The economic and social impacts of the new coronavirus ("COVID 19"), which emerged in Wuhan-China in December/2019, occur at an unprecedented level comparing to crises experienced before. Within this scope, as a precaution for prevent the spread of the COVID-19 pandemic in Turkey, the time limits in legal proceedings are suspended until April 30, 2020. The General Assembly of the Grand National Assembly of Turkey (“TBMM”) enacted this measure through the Amendments to Certain Laws (“Law No. 7226“) on March 25, 2020. Also on April 30, 2020 the President of the Turkish Republic issued the “The Degree to Extend the Suspension Period to Prevent the Loss of Legal Rights” (“Decree”) and under the Decree, the suspension of time limits in legal proceedings has been extended again from April 30, 2020 to June 15, 2020.
In order to prevent the spread of the COVID-19 epidemic, the Republic of Turkey’s Ministry of Commerce has taken some measures on how companies should organize their board meetings. Within the scope of these measures, the ordinary general meetings of joint stock and limited companies, which were previously invited to the meeting in accordance with the Turkish Commercial Code numbered 6102 (“TCC”) and the company agreement, were cancelled with a decision to be taken by the governing bodies, without waiting for the general meeting to be held.
“Politics are nowadays mostly behind the scenes, and there aren’t a lot of recent highlights about typical topics of tension,” says Dogan Eymirlioglu, Partner at the Balcioglu Selcuk Ardiyok Keki Attorney Partnership in Istanbul. “The entire focus is now on how to tackle the impact of the pandemic and deriving lock-down.”
The economic impacts of the new coronavirus ("COVID-19") occur at an unprecedented level comparing to the crises experienced before. For many industries, both the supply chain has been interrupted and customer demand has shrunk at the same time. Restructurings and changes in transfer pricing policies will be inevitable for the continuity of businesses and activities since COVID 19 crisis has caused an unforeseen global risk realization which could not be predicted at the time when the intra-group contractual relationships were established and the group operation model was designed. Although the existence of conditions that require the need for policy changes is often considered as negative, it can also be turned into an opportunity by the multinational enterprises.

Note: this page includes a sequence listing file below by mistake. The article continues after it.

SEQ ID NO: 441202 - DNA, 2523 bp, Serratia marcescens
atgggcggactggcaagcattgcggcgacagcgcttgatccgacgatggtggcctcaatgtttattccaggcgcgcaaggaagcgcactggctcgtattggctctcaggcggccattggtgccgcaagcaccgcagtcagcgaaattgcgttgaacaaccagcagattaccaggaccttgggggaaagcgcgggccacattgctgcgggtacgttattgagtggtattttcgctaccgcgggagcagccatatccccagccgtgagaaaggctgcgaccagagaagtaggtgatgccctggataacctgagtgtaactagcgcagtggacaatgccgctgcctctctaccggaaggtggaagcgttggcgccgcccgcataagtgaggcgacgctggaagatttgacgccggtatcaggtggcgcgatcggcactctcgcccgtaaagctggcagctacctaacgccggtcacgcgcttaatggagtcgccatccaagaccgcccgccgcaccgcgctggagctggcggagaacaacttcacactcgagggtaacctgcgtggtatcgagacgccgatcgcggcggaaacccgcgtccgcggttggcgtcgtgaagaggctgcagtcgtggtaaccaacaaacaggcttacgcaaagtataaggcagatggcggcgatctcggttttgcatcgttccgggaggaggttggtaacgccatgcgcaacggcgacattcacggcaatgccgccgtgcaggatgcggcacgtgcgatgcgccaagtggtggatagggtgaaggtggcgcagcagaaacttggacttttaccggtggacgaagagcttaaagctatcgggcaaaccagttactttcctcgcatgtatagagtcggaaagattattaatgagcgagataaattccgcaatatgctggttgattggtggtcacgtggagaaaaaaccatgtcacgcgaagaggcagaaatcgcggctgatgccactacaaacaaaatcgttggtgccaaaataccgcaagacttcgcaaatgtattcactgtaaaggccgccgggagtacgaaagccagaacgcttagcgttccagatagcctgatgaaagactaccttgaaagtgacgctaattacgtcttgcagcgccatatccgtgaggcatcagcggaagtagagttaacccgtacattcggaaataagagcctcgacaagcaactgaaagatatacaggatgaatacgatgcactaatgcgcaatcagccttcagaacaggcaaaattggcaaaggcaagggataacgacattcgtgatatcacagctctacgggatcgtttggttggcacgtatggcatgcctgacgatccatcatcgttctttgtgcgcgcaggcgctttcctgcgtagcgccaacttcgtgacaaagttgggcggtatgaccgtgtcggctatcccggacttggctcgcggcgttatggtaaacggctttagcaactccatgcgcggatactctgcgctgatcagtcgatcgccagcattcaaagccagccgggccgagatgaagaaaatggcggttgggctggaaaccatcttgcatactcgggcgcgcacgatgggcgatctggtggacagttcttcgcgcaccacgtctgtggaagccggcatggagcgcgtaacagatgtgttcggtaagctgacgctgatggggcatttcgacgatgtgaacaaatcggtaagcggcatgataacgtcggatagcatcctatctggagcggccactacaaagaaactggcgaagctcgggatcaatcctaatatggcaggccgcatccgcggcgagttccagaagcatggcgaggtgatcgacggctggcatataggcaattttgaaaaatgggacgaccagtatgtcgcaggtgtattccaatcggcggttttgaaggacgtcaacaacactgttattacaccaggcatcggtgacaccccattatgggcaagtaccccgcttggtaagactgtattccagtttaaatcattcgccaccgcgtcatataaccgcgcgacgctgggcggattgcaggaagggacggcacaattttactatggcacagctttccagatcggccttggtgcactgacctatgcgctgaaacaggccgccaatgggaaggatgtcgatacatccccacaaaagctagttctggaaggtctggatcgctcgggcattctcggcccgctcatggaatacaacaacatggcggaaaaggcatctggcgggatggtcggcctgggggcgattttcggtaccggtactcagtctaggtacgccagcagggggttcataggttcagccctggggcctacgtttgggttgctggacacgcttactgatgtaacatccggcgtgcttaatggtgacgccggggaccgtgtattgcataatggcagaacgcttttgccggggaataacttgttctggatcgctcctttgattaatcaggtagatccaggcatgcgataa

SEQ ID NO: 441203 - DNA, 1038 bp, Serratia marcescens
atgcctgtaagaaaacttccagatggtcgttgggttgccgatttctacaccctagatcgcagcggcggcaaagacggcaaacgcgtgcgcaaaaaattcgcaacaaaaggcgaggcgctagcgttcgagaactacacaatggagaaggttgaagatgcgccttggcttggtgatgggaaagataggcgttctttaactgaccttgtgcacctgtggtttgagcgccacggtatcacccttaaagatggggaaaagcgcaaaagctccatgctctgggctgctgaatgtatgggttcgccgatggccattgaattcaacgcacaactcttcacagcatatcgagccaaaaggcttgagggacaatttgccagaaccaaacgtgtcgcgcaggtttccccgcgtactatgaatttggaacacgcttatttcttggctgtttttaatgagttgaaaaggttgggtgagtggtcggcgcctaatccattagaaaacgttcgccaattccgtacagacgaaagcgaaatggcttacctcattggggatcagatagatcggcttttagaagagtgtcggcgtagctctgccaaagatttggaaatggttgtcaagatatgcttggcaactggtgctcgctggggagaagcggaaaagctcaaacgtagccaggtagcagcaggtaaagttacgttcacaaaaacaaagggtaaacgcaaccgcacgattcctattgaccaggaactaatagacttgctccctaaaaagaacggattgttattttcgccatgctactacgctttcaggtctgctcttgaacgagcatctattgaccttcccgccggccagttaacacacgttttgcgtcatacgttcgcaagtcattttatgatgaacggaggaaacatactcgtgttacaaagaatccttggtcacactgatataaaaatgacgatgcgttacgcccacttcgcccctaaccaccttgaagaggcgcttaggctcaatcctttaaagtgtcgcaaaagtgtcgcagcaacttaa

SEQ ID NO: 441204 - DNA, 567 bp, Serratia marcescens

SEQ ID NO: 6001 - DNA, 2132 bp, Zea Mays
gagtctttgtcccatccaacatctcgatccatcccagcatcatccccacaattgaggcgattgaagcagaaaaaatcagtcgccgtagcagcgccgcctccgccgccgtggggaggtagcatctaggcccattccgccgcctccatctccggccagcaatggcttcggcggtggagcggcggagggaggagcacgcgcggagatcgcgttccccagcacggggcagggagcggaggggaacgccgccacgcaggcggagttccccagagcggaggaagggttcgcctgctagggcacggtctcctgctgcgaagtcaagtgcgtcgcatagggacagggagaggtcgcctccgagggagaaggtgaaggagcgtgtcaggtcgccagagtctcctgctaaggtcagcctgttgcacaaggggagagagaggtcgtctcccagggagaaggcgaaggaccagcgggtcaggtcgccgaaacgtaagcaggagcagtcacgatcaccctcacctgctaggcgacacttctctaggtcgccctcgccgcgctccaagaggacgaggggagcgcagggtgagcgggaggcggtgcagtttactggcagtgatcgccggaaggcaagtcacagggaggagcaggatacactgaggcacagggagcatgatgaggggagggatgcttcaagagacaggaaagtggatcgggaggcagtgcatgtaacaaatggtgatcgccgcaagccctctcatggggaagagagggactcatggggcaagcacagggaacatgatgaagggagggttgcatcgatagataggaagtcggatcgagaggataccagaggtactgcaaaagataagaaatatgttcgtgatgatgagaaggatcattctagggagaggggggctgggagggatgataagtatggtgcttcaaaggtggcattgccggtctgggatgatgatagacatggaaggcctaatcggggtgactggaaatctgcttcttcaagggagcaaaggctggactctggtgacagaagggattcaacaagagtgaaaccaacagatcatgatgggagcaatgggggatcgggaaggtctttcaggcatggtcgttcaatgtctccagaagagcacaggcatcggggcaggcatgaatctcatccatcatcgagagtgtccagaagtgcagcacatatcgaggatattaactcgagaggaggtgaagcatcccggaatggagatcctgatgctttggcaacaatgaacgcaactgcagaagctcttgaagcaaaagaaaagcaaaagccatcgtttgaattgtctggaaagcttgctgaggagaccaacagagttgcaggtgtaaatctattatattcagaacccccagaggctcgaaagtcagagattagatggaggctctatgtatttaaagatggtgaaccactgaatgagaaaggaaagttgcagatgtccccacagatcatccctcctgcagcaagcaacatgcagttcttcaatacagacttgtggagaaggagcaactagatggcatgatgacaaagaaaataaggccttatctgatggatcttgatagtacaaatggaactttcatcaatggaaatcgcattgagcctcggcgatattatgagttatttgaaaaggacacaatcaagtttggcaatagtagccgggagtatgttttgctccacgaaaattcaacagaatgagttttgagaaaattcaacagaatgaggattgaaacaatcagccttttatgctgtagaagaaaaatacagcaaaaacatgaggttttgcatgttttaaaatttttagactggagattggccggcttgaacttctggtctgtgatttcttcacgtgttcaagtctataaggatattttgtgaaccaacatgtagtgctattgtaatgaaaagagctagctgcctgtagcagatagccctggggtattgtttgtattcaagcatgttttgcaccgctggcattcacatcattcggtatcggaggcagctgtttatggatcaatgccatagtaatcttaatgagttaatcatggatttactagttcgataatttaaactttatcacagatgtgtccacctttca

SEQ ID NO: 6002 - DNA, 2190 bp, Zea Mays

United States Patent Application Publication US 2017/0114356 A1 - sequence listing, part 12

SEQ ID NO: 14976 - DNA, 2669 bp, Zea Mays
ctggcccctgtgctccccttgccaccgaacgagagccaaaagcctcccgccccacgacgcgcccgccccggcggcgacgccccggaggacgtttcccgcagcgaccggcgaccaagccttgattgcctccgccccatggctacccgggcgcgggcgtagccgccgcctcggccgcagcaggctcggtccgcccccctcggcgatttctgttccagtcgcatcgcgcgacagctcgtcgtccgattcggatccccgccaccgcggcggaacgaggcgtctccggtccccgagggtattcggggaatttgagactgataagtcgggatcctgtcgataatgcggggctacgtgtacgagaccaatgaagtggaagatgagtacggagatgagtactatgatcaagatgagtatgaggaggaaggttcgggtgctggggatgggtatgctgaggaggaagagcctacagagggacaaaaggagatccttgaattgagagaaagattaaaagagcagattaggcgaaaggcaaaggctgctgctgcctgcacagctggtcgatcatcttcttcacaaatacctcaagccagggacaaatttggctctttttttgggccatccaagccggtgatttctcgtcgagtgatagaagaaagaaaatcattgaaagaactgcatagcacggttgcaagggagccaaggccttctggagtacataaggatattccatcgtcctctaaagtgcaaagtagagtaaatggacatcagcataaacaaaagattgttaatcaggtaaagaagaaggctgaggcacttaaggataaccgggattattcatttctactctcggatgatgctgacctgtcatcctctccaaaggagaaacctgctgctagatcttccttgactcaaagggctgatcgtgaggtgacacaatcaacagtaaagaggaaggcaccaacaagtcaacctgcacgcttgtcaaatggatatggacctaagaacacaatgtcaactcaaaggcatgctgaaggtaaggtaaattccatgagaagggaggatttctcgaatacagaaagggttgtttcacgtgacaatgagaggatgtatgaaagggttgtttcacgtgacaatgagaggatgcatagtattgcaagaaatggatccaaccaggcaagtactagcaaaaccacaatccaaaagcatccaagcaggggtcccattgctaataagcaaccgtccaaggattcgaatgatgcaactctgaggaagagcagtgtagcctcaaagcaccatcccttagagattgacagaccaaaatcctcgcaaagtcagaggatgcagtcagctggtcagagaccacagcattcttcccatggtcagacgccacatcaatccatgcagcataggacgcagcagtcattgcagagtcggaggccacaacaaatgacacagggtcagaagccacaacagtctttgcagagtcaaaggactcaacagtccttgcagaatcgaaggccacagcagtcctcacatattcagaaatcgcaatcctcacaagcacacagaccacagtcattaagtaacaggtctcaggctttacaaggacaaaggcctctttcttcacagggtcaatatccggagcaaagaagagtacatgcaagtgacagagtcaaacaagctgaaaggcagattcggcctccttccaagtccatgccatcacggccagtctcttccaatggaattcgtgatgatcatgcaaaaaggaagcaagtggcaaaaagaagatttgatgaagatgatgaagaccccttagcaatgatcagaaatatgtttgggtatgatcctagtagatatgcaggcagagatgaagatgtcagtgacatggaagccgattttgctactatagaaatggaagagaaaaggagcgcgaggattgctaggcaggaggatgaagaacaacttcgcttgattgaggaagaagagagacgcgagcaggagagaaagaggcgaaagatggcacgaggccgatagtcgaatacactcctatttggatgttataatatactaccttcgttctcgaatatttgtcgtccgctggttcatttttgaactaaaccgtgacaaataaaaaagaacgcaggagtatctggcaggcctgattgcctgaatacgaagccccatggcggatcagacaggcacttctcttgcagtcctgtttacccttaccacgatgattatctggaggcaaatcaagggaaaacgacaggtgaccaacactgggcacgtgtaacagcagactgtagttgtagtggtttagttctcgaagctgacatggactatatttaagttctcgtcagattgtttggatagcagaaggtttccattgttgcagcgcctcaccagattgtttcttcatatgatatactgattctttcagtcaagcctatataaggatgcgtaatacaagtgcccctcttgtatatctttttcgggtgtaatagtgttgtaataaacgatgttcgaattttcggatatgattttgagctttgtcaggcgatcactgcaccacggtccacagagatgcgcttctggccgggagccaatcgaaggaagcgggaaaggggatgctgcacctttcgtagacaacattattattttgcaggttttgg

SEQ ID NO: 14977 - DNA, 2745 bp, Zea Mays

The new coronavirus (“COVID-19”), which emerged in the city of Wuhan, China in December 2019 and spread around the world in a short time with the contribution of interdependence between countries, continues to have significant effects in many areas of life. One of these areas is international tax law, and potential disputes should be expected in the near future regarding taxation rights, which are demarcated by Avoidance of Double Taxation Treaties (“DTT”).
In The Corner Office feature of CEE Legal Matters we ask Managing Partners at leading law firms across Central and Eastern Europe about their unique roles and responsibilities. In light of current events, the question for this online occurrence of the feature is: "What have been the top three most often asked COVID-19 related questions that you have gotten from clients in the last month?”
Love them or hate them, conferences are a fundamental part of the successful commercial lawyer’s calendar. But time is precious. Those calendars are full. It’s vital for conference organizers to get them right, and critical for lawyers to choose wisely in determining which events to attend and which to skip.
I can pinpoint the exact moment when my interest in the law first flourished: I was 13 years old and my mother had given me a book called The Courage of their Convictions by Peter H. Irons, about 16 Americans who had fought for their rights and taken their cases all the way to the Supreme Court, and what I read resonated deeply within me. It later turned out that my mother had only given me the book to improve my English. But it opened the door to so much more.
Nowadays, alternative methods of dispute resolution, not involving the courts, are increasing. Since disputes are getting ever-more complicated, and general peace between parties is preferable, parties now prefer to solve disputes with more peaceful and flexible alternative dispute resolution methods instead of litigation – and judicial systems are encouraging parties to employ these methods. In this context, mediation has in recent years become the most preferred and fastest-growing alternative dispute resolution method.